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Seagate Introduces GoFlex Hard Drives
May 7, 2010 11:58 PM

While most Hard Drive manufacturers are focusing on improving performance, reducing power consumption, and increasing capacity, Seagate is taking a new direction. The aforementioned features are vital, however Seagate is also hoping to bring in a new level of interoperability for port connectivity and operating system compatibility. Their new consumer-friendly line of FreeAgent GoFlex hard drives offer optional interchangeable cables to enable USB 3.0, eSATA, and FireWire support in addition to the current USB 2.0 standard. In addition, all GoFlex hard disk drives are compatible with both Windows and Macintosh platforms. In addition to new hard drives, Seagate’s new lineup of products includes TV media player and home network-enabled accessories.

GoFlex TV HD Media Player:
Seagate is jumping into the living room with their new storage-focused media player. Instead of including a built-in hard drive space that wouldn’t be upgradable, the GoFlex TV HD has a slot to dock a GoFlex ultra-portable drive. There are also two additional USB ports for connecting Flip cameras or other storage devices. Seagate also includes a remote control to let users browse through their music, movies, and photos in a high-definition 1080p interface. In addition, the media player includes built-in Ethernet and support for an optional WiFi adapter to enable streaming digital content from home network storage or online services such as Netflix or YouTube.

GoFlex Net Media Sharing:
Although making it into the living room was a big step, it wasn’t enough for Seagate. They also rolled out the GoFlex Net which turns the GoFlex ultra-portable drive or any USB enabled storage device into a media sharing device. Their software offers consumers the ability to access content from a PC, iPad, iPhone, Android, BlackBerry, or any device with an internet connection and a basic web browser. To further increase online presence, all GoFlex Net services are tightly inter-nit with social networking sites such as Facebook and Twitter. There’s even RSS feeds for tech-savvy users. It’s also completely compatible with the GoFlex TV HD media player.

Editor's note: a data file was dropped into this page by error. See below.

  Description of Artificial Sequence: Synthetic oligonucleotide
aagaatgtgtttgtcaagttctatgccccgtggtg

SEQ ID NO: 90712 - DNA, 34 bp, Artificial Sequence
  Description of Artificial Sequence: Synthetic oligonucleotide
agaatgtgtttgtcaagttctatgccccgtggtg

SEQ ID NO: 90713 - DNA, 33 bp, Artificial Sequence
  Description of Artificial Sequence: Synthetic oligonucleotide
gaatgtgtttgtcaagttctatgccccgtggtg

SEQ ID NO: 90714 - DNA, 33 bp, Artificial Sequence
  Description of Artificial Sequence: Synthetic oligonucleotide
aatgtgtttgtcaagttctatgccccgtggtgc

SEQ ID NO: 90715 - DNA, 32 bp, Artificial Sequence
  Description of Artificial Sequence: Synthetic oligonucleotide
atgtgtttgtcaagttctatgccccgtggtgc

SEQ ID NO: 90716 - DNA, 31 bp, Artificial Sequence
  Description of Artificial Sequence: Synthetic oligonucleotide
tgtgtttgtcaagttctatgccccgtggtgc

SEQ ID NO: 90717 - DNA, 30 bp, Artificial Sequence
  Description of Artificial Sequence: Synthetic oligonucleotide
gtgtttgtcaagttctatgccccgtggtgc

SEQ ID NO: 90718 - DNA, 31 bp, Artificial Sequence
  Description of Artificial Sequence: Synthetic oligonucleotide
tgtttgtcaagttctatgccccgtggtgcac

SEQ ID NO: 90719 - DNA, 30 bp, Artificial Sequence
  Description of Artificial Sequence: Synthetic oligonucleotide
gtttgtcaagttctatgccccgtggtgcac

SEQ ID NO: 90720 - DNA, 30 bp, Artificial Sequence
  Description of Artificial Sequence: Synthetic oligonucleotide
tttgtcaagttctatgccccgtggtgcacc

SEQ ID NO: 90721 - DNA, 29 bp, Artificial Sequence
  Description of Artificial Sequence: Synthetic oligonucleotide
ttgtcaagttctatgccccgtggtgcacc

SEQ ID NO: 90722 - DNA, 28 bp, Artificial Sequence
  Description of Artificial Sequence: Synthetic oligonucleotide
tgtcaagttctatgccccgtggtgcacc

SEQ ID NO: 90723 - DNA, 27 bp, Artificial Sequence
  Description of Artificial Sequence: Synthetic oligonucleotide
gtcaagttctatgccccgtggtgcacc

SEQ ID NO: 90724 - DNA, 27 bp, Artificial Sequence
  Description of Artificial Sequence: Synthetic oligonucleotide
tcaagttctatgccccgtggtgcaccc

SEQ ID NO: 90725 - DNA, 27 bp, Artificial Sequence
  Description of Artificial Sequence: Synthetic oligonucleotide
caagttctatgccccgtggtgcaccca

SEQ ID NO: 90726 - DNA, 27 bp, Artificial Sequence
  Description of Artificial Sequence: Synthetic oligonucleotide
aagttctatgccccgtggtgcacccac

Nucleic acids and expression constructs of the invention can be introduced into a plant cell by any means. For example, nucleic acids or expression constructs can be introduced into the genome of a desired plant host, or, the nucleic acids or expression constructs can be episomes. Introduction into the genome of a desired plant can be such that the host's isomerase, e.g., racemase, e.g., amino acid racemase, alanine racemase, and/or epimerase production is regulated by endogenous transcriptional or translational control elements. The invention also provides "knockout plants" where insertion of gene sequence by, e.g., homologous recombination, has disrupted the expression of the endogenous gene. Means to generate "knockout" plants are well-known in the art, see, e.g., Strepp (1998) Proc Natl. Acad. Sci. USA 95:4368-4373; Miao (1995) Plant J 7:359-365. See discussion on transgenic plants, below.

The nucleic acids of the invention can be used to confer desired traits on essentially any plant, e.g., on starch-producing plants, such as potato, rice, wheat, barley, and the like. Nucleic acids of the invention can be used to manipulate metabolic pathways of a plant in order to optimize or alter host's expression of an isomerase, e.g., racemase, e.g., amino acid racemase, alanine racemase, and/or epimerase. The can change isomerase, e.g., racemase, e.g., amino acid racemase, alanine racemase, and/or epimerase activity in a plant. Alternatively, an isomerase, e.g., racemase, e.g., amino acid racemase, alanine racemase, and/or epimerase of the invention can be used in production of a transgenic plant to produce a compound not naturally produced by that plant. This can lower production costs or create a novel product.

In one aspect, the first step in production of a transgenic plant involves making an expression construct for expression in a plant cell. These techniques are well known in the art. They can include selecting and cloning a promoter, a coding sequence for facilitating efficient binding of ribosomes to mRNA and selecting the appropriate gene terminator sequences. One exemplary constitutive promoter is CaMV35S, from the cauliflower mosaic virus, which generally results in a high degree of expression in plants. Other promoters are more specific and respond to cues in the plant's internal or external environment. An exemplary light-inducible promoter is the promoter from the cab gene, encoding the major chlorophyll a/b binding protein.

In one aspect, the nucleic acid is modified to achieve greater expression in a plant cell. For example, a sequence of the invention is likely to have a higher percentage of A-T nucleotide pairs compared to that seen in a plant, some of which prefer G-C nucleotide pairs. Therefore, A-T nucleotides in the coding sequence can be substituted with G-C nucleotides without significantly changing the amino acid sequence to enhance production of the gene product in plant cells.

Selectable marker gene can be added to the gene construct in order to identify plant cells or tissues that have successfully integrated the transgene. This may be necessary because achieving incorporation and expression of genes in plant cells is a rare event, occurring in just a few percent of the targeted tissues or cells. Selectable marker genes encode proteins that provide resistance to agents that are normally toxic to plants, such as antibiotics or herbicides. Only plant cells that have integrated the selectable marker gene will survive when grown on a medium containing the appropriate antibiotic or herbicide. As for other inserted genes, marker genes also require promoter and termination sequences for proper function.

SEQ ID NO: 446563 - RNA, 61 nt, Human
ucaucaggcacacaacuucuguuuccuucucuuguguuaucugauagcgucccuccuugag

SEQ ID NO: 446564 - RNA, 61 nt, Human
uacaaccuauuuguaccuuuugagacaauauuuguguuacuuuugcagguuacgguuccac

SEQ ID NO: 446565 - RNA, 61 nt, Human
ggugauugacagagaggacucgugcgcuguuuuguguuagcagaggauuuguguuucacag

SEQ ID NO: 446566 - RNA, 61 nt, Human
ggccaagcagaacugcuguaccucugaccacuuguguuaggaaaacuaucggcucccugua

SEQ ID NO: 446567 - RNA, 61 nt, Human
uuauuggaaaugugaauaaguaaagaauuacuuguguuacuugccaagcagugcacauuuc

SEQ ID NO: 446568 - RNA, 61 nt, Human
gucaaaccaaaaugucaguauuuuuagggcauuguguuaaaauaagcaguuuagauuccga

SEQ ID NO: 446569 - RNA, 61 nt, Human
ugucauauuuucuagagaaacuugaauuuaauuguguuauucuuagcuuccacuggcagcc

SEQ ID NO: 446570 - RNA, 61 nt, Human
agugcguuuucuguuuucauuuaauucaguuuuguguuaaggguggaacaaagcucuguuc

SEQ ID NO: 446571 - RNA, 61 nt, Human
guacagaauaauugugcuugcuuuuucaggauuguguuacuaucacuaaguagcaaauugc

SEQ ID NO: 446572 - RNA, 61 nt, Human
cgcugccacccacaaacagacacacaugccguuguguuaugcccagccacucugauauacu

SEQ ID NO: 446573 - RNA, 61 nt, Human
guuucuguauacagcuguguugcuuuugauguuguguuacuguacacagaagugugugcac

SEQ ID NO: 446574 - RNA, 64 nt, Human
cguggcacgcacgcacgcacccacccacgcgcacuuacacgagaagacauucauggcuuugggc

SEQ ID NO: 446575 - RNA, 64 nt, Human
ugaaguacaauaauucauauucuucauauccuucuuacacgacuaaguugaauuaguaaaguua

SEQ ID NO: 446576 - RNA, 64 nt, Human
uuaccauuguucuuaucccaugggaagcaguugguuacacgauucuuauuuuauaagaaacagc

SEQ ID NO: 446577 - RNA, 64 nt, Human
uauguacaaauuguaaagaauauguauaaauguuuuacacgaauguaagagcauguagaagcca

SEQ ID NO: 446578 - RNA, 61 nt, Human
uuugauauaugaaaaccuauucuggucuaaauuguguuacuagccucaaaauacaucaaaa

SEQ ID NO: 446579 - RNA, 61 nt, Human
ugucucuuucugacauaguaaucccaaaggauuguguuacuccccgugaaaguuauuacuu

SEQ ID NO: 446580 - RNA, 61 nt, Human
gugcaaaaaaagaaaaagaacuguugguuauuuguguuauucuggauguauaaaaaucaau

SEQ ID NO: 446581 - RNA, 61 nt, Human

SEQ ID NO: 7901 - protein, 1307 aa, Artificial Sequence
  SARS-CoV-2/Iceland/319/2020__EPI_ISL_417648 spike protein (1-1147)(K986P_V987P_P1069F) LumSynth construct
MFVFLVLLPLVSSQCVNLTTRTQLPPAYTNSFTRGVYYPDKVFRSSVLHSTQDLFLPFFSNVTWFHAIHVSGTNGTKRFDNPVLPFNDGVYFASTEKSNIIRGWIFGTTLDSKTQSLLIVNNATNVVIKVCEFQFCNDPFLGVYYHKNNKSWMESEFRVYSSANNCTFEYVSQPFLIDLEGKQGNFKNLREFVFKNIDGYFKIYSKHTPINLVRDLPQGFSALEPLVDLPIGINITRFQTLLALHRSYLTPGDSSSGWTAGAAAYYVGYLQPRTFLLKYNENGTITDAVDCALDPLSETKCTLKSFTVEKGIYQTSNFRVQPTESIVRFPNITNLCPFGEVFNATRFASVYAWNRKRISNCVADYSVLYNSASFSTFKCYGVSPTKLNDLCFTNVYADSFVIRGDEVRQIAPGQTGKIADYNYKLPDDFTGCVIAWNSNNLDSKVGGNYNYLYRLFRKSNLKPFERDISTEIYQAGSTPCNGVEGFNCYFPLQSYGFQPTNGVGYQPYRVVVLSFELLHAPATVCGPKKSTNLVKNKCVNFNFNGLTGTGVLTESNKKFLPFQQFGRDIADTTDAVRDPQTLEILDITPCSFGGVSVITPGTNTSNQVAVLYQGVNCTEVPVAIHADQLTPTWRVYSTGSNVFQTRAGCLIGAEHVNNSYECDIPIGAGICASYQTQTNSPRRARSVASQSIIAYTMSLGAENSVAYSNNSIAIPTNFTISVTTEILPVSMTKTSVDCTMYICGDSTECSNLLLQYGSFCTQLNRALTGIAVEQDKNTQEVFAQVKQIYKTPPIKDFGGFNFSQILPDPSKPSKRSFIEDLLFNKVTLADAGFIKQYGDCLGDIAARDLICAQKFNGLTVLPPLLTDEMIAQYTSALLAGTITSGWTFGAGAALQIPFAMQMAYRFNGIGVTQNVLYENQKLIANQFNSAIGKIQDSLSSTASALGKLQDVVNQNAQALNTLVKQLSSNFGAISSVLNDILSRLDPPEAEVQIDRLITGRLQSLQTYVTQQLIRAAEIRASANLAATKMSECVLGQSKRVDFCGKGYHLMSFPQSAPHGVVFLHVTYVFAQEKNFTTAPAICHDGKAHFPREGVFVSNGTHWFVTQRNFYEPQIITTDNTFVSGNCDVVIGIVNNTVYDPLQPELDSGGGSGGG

GoFlex Drives:
Seagate offers two versions of their ultra-portable lineup: the GoFlex and the GoFlex Pro. The GoFlex is available in 320GB, 500GB, 750GB, and 1TB capacities in silver, black, red, and blue paint jobs. On the other hand, the GoFlex Pro only comes in 500GB and 750GB capacities with only a black coat. The ‘Pro’ version gets a boost to a 7200RPM HDD for faster data transfer speeds, a GoFlex dock, and premium backup software. Both versions offer data encryption. There’s also the GoFlex Desk, a traditional external hard drive. This model is offered in 1TB and 2TB capacities in a black coat and with continuous backup support and encryption. The GoFlex Desk can also be oriented horizontally and vertical for different desk environments.

Issues and Concerns:
While it may sound like Seagate is trying to increase compatibility and bring flexibility to their hard drives, there’s a larger issue. All their drives feature a proprietary Seagate connector. There’s no slots on the back for USB 2.0/3.0, eSATA, FireWire, or anything else that’s standard. All their GoFlex drives are offered in two versions: a kit that includes a USB cable adapter and drive-only model that is slightly cheaper, but also completely useless without purchasing their cable accessories. In my opinion this isn’t a step forward, but rather a step back. It’s especially a problem because since it’s a Seagate-only accessory, they can markup prices on cables and adapters. The gouging of prices is already visible by examining the MSRP for these gadgets. For instance, the drive-only 320GB GoFlex goes for $89 while the kit version that includes the USB cable costs $99. However, if you were to purchase the USB 2.0 or eSATA cable separately, it’s priced at $20. The USB 3.0 and FireWire 800 cables are priced at $30 and $40, respectively. The entire “versatility” features needs to be an add-on for success, not a requirement.

Considering that the base price for these hard drives aren’t any cheaper than their own FreeAgent drives or other competing products, it’s likely going to be an unnecessary expenditure. As the majority of consumers are still on USB 2.0, it’s simply cheaper to grab an external storage solution that features a standard USB port on the back. While I haven’t actually tried or tested these new GoFlex drives, the initial impressions from pure feature-set analysis is somewhat disappointing. While the new style and enclosures make a bold statement and are a fresh design, the introduction of proprietary adapters to support standardized connectivity ports is disturbing. We’ll try to get our hands on these new models for further analysis, so stay tuned for a full in-depth review.

Links: GoFlex

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